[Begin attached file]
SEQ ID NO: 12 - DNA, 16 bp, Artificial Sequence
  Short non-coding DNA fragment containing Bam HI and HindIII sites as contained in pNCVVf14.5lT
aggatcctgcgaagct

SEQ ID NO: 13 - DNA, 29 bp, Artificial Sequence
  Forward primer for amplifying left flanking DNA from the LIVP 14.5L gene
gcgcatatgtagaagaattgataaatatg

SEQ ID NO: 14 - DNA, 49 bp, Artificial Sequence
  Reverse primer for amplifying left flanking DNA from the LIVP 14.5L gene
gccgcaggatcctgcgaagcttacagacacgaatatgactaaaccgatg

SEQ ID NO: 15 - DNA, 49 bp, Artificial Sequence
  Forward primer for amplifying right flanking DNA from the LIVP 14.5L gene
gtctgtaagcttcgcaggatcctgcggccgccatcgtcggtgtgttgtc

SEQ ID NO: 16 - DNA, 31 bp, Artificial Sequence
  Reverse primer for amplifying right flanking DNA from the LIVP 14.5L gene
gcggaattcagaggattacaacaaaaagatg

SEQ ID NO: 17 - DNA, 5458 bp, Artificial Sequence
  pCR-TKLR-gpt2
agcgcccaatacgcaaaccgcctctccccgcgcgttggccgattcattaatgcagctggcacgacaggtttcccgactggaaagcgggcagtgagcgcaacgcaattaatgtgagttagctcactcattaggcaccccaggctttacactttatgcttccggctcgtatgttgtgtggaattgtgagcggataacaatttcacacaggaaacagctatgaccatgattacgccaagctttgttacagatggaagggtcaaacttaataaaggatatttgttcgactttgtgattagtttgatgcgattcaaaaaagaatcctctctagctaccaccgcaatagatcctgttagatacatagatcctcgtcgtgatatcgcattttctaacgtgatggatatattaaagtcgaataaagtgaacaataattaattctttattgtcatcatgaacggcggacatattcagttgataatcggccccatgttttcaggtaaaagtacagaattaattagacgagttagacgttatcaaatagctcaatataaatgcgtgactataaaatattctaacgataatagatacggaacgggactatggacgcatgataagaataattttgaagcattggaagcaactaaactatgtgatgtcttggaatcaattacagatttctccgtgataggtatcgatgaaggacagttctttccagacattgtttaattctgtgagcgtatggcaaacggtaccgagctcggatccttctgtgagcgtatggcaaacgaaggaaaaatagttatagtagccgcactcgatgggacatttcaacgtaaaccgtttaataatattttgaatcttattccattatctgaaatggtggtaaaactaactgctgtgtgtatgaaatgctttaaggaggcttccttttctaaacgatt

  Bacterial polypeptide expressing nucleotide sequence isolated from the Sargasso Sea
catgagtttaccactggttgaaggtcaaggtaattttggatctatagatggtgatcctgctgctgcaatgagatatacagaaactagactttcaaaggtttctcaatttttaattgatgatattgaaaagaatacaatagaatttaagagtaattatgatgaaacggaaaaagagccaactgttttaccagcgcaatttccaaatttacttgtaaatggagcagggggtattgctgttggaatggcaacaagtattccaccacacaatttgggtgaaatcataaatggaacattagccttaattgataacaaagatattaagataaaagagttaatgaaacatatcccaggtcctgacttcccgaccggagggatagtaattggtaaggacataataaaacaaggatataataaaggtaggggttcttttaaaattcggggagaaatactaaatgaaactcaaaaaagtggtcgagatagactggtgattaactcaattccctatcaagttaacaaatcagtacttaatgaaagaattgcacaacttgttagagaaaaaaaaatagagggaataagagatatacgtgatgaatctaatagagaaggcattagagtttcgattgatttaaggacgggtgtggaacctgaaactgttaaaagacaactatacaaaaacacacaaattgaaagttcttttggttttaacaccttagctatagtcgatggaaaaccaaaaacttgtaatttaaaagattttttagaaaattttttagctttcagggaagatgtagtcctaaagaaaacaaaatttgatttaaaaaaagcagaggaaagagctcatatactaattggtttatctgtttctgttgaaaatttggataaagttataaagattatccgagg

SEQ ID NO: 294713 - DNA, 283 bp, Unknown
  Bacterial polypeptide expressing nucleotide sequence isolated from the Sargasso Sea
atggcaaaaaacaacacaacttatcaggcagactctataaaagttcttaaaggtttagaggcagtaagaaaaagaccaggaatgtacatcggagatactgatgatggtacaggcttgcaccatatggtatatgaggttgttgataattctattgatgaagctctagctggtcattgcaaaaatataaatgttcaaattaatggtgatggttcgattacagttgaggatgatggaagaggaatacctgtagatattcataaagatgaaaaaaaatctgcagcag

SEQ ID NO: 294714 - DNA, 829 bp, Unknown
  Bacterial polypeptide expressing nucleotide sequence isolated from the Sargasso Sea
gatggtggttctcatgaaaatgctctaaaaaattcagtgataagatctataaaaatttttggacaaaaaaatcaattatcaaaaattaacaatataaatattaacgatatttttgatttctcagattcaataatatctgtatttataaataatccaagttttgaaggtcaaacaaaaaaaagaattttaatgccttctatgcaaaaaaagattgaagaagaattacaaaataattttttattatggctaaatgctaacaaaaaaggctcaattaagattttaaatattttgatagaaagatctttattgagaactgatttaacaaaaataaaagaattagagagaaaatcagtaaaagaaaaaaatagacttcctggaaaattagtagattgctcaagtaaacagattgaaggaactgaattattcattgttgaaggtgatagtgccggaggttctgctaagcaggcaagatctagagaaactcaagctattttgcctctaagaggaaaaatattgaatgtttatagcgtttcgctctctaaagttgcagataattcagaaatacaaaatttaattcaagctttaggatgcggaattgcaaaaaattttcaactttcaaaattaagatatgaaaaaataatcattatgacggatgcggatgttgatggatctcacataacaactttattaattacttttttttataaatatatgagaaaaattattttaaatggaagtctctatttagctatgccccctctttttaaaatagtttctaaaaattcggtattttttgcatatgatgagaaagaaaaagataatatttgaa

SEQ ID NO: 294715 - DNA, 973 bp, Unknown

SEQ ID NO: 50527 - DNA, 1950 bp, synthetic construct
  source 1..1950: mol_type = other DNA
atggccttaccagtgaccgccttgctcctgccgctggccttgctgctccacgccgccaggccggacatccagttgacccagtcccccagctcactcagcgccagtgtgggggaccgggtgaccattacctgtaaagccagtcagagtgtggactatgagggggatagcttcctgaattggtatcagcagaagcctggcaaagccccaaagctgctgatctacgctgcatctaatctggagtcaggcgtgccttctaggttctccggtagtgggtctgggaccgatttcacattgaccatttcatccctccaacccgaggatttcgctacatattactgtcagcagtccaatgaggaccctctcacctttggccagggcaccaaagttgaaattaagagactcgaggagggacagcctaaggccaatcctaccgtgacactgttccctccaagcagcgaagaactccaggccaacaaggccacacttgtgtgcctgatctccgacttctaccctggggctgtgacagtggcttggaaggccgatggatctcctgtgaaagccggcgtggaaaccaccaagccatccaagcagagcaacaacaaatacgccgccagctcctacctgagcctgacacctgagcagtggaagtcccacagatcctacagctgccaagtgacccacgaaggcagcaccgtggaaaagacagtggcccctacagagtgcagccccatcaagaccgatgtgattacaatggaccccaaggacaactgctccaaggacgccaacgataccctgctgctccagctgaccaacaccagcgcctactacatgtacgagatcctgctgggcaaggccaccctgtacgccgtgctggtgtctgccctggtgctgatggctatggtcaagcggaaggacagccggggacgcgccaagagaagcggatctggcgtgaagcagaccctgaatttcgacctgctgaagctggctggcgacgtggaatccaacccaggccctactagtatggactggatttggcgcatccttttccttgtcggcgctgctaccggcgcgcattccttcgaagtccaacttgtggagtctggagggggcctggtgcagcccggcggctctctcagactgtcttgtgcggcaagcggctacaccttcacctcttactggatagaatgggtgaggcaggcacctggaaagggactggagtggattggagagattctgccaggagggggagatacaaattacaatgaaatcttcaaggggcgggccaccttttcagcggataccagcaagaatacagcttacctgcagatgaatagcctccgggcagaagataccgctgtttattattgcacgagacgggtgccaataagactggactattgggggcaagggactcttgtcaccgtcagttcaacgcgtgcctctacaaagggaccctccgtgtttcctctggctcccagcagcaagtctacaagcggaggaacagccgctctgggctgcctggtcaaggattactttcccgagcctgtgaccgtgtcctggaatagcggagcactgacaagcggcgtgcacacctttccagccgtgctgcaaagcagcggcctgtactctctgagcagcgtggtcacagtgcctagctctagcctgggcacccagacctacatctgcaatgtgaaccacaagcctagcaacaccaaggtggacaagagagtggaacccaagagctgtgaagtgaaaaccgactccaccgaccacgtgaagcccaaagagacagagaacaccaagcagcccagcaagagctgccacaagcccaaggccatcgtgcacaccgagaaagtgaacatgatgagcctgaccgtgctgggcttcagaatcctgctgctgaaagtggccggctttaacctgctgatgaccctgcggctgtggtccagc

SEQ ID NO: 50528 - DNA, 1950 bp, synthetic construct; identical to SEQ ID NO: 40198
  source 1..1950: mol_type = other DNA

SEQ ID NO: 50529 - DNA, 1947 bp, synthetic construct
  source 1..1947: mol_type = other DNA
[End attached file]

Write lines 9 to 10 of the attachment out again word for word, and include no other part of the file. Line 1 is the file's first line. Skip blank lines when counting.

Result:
gccgcaggatcctgcgaagcttacagacacgaatatgactaaaccgatg

SEQ ID NO: 15 - DNA, 49 bp, Artificial Sequence